I got a good night’s sleep last night and as a result feel human today. Although Monday, today is a holiday. My wife is away on business (she texted me this morning that she was still alive, a few minutes after a 5.4 earthquake in Tokyo), the kids are resting and/or studying, the cats are sleeping. So, after vacuuming the downstairs and mopping a few floors I saw no reason not to set up my photographic gear and make a couple alutypes in the backyard.
Initially I wanted to take a picture of the rosebush in the flower bed in front of the house, but it was too windy – the roses would have blurred too much with a 2 or 3 second exposure.
So I picked some roses, put them in a vase and took pictures of them on a table against the wall of the neighbor’s shed, which is white-ish stucco.
I tried a couple different collodions. The first picture uses a newer collodion, which is quite a bit faster than that used for the second picture, it being both a different formula and about a year old – normally, I believe, one uses collodion up after a few months because it gets slower over time and also maybe unstable, but I’m not sure.
I’m just trying different things out. It went well today, I was happy with the first picture, which was only a test really. Less happy with the second, which came out a little dark. They will both get darker again when I varnish them tonight.
From what I have been able to find out after looking for a few minutes, older collodion gets slower and more contrasty, which some people prefer. Some people like to mix old and new collodion.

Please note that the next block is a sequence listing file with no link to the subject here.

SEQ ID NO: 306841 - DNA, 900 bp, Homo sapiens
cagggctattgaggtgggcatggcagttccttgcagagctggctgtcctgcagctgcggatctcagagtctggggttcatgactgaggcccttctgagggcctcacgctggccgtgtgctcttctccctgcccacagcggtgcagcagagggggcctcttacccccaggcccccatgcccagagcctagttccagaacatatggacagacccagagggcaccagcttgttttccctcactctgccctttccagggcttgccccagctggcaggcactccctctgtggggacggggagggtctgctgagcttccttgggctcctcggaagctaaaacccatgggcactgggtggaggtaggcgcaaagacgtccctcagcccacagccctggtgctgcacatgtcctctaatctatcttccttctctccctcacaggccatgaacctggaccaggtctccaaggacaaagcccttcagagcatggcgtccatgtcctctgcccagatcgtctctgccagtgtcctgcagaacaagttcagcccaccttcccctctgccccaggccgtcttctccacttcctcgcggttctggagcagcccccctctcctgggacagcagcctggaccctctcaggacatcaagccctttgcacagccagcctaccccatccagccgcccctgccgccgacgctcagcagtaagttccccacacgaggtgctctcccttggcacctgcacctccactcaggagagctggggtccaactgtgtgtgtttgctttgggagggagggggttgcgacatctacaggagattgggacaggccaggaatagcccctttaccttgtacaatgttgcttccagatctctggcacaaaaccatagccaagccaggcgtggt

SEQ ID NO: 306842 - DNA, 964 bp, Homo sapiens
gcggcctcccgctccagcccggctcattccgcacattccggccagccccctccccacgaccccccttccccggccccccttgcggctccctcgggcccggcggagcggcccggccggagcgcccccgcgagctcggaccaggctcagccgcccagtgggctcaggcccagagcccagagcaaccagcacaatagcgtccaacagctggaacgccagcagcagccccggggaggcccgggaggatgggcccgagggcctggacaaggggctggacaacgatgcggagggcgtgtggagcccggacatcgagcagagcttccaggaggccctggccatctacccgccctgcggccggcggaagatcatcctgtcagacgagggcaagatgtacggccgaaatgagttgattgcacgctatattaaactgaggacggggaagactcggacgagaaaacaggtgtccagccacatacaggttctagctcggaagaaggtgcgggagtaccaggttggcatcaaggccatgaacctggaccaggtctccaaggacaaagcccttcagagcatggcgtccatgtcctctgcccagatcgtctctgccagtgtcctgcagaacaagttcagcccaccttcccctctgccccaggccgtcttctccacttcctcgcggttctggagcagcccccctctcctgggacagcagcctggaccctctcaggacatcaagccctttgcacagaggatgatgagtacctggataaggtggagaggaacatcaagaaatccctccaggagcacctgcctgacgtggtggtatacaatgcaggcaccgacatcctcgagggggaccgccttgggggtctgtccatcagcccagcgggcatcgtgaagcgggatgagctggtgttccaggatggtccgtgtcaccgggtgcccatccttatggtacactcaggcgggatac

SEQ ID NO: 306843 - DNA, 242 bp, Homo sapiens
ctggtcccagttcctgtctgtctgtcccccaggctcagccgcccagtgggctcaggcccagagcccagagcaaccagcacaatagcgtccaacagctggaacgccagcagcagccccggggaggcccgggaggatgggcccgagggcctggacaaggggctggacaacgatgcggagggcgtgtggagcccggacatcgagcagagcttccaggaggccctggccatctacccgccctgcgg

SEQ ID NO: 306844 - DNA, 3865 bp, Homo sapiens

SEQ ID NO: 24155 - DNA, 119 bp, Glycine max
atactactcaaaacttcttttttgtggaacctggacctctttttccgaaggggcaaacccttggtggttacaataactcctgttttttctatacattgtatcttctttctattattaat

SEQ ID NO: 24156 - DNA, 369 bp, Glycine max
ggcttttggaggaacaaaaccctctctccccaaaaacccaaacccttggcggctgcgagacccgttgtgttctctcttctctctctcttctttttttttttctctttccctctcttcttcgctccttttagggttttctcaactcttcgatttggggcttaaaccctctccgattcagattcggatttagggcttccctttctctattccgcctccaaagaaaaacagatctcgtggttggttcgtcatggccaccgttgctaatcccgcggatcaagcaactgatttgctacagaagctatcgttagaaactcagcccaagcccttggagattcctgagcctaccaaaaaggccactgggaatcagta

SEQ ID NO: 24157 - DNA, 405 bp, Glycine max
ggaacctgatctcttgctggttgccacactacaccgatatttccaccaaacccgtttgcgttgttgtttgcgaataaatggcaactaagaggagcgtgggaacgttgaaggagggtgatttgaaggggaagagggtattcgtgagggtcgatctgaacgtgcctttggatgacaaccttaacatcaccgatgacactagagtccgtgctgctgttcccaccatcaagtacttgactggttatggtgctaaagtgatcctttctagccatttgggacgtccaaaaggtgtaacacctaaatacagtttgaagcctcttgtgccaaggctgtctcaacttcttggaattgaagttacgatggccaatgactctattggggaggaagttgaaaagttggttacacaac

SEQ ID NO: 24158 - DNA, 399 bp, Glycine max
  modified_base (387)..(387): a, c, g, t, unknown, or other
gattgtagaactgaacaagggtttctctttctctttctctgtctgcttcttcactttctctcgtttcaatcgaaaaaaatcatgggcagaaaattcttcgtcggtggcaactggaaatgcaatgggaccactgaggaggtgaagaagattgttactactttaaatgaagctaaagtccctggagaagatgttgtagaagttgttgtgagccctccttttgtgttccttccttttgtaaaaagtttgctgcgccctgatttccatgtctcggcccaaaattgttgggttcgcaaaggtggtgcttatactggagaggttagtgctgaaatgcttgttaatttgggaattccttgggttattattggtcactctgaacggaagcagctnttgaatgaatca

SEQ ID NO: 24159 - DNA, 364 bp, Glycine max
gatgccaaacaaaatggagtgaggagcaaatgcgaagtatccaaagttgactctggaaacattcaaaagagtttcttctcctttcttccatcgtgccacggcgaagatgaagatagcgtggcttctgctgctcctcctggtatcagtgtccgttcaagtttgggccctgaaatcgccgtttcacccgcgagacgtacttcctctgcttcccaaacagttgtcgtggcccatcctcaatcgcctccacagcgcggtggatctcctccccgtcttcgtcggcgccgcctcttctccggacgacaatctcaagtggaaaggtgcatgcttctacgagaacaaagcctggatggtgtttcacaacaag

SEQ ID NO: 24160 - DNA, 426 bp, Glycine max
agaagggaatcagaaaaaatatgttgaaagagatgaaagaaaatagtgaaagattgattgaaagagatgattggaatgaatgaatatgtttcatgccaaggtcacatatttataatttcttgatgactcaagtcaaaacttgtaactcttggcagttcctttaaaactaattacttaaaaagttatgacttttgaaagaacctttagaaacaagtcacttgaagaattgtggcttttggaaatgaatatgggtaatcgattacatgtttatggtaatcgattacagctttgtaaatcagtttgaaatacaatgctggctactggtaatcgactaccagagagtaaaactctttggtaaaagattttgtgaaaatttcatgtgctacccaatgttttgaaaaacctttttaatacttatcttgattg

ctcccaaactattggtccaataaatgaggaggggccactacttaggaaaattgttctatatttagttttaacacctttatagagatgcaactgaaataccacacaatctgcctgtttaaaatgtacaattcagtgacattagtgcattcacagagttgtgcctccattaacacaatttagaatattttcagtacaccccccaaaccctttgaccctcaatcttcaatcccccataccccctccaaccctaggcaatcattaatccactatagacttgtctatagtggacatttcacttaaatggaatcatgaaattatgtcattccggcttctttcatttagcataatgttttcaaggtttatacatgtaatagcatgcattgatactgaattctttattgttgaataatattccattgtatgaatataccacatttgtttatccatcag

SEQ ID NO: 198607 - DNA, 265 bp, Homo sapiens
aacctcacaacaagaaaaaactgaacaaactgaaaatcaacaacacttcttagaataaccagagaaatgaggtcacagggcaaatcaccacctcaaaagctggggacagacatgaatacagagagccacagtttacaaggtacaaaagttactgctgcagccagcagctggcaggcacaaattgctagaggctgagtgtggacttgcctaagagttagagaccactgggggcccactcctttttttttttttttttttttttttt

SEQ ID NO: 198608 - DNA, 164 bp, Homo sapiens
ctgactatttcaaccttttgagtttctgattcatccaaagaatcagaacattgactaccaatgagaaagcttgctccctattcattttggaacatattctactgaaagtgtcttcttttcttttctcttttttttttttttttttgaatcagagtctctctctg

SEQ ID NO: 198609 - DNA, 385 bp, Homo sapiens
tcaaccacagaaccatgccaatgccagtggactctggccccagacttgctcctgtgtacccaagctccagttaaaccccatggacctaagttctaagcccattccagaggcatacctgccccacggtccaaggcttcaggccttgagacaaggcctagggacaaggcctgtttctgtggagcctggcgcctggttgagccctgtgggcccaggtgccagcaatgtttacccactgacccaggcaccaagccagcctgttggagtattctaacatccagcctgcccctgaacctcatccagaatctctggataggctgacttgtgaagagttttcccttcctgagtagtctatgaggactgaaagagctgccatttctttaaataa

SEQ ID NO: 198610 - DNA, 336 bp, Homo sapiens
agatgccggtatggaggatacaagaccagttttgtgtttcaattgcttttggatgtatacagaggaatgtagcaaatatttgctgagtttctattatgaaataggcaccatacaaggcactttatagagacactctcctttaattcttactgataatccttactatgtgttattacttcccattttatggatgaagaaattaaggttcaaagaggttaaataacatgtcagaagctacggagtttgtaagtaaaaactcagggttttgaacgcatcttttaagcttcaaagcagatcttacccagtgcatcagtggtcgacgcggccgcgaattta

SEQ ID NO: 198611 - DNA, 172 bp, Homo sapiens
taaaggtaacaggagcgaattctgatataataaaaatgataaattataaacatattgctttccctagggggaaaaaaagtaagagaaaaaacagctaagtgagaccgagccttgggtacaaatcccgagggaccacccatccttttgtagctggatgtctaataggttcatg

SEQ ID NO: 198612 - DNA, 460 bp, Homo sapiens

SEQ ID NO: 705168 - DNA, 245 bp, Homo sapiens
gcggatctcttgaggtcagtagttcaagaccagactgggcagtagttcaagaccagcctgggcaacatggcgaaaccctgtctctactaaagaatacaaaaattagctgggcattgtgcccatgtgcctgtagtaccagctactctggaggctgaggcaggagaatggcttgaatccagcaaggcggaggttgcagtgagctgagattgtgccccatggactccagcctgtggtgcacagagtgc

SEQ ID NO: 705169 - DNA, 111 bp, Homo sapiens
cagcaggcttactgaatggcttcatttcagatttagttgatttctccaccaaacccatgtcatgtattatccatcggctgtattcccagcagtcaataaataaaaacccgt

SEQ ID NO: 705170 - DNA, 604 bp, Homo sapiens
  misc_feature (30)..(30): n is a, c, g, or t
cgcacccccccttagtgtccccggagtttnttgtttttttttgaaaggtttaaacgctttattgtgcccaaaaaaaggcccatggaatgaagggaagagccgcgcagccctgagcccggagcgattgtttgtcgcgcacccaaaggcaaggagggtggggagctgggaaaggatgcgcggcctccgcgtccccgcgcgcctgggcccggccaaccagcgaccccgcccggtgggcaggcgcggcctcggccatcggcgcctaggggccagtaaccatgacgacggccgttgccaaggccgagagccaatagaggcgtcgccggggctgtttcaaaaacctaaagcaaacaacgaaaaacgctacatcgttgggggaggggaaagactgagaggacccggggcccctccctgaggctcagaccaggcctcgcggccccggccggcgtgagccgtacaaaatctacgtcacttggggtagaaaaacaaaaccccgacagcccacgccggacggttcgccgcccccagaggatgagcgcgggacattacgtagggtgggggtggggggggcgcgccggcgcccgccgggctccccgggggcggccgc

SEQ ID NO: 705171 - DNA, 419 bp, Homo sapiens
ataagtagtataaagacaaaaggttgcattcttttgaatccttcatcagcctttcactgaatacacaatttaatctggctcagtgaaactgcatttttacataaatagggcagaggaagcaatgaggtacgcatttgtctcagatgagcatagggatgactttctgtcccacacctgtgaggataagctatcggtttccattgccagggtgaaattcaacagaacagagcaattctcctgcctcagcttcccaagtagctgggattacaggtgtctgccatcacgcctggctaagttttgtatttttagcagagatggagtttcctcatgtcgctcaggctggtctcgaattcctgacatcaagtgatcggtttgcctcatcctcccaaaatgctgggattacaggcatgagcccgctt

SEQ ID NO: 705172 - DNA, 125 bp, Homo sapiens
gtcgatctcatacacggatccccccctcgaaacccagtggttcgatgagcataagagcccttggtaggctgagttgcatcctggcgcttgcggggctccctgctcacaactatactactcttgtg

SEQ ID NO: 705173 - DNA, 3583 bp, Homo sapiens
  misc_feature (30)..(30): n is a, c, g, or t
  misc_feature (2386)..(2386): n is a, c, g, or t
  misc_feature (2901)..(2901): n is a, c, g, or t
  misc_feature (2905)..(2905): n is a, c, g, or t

(I have also heard that mixing new and old (and/or used) developer can increase contrast, as can adding a few drops of silver nitrate solution (for example, letting a few drops drip from the plate into the developer when plate is first removed from the silver bath) – I have been trying this but am not sure yet what causes what. I like some of the results I have been getting – more contrast, but also messier looking, with a lot of texture, which can be good or bad depending on what you want and how it turns out. I generally like it.)
I varnished the two plates above. The first one went okay – I still have to get the hang of pouring the varnish smoothly. Also, when I held the varnished plate over the alcohol lamp, it went FLOOF!!! and burst into flame and I blew it out and it had an irregular matte finish from that and I revarnished it and it looked better, although imperfect. Unfortunately, things went worse with the second plate – I heated it, poured the varnish and the collodion dissolved and the entire image ran off the plate.
This happens sometimes. It has happened to me a couple times. I suspect it has something to do with the collodion – the collodion I used for the second plate was older, which might have something to do with it – the alcohol in the varnish apparently dissolved the collodion base.
Or something. This, I guess, is why we scan the plate before varnishing…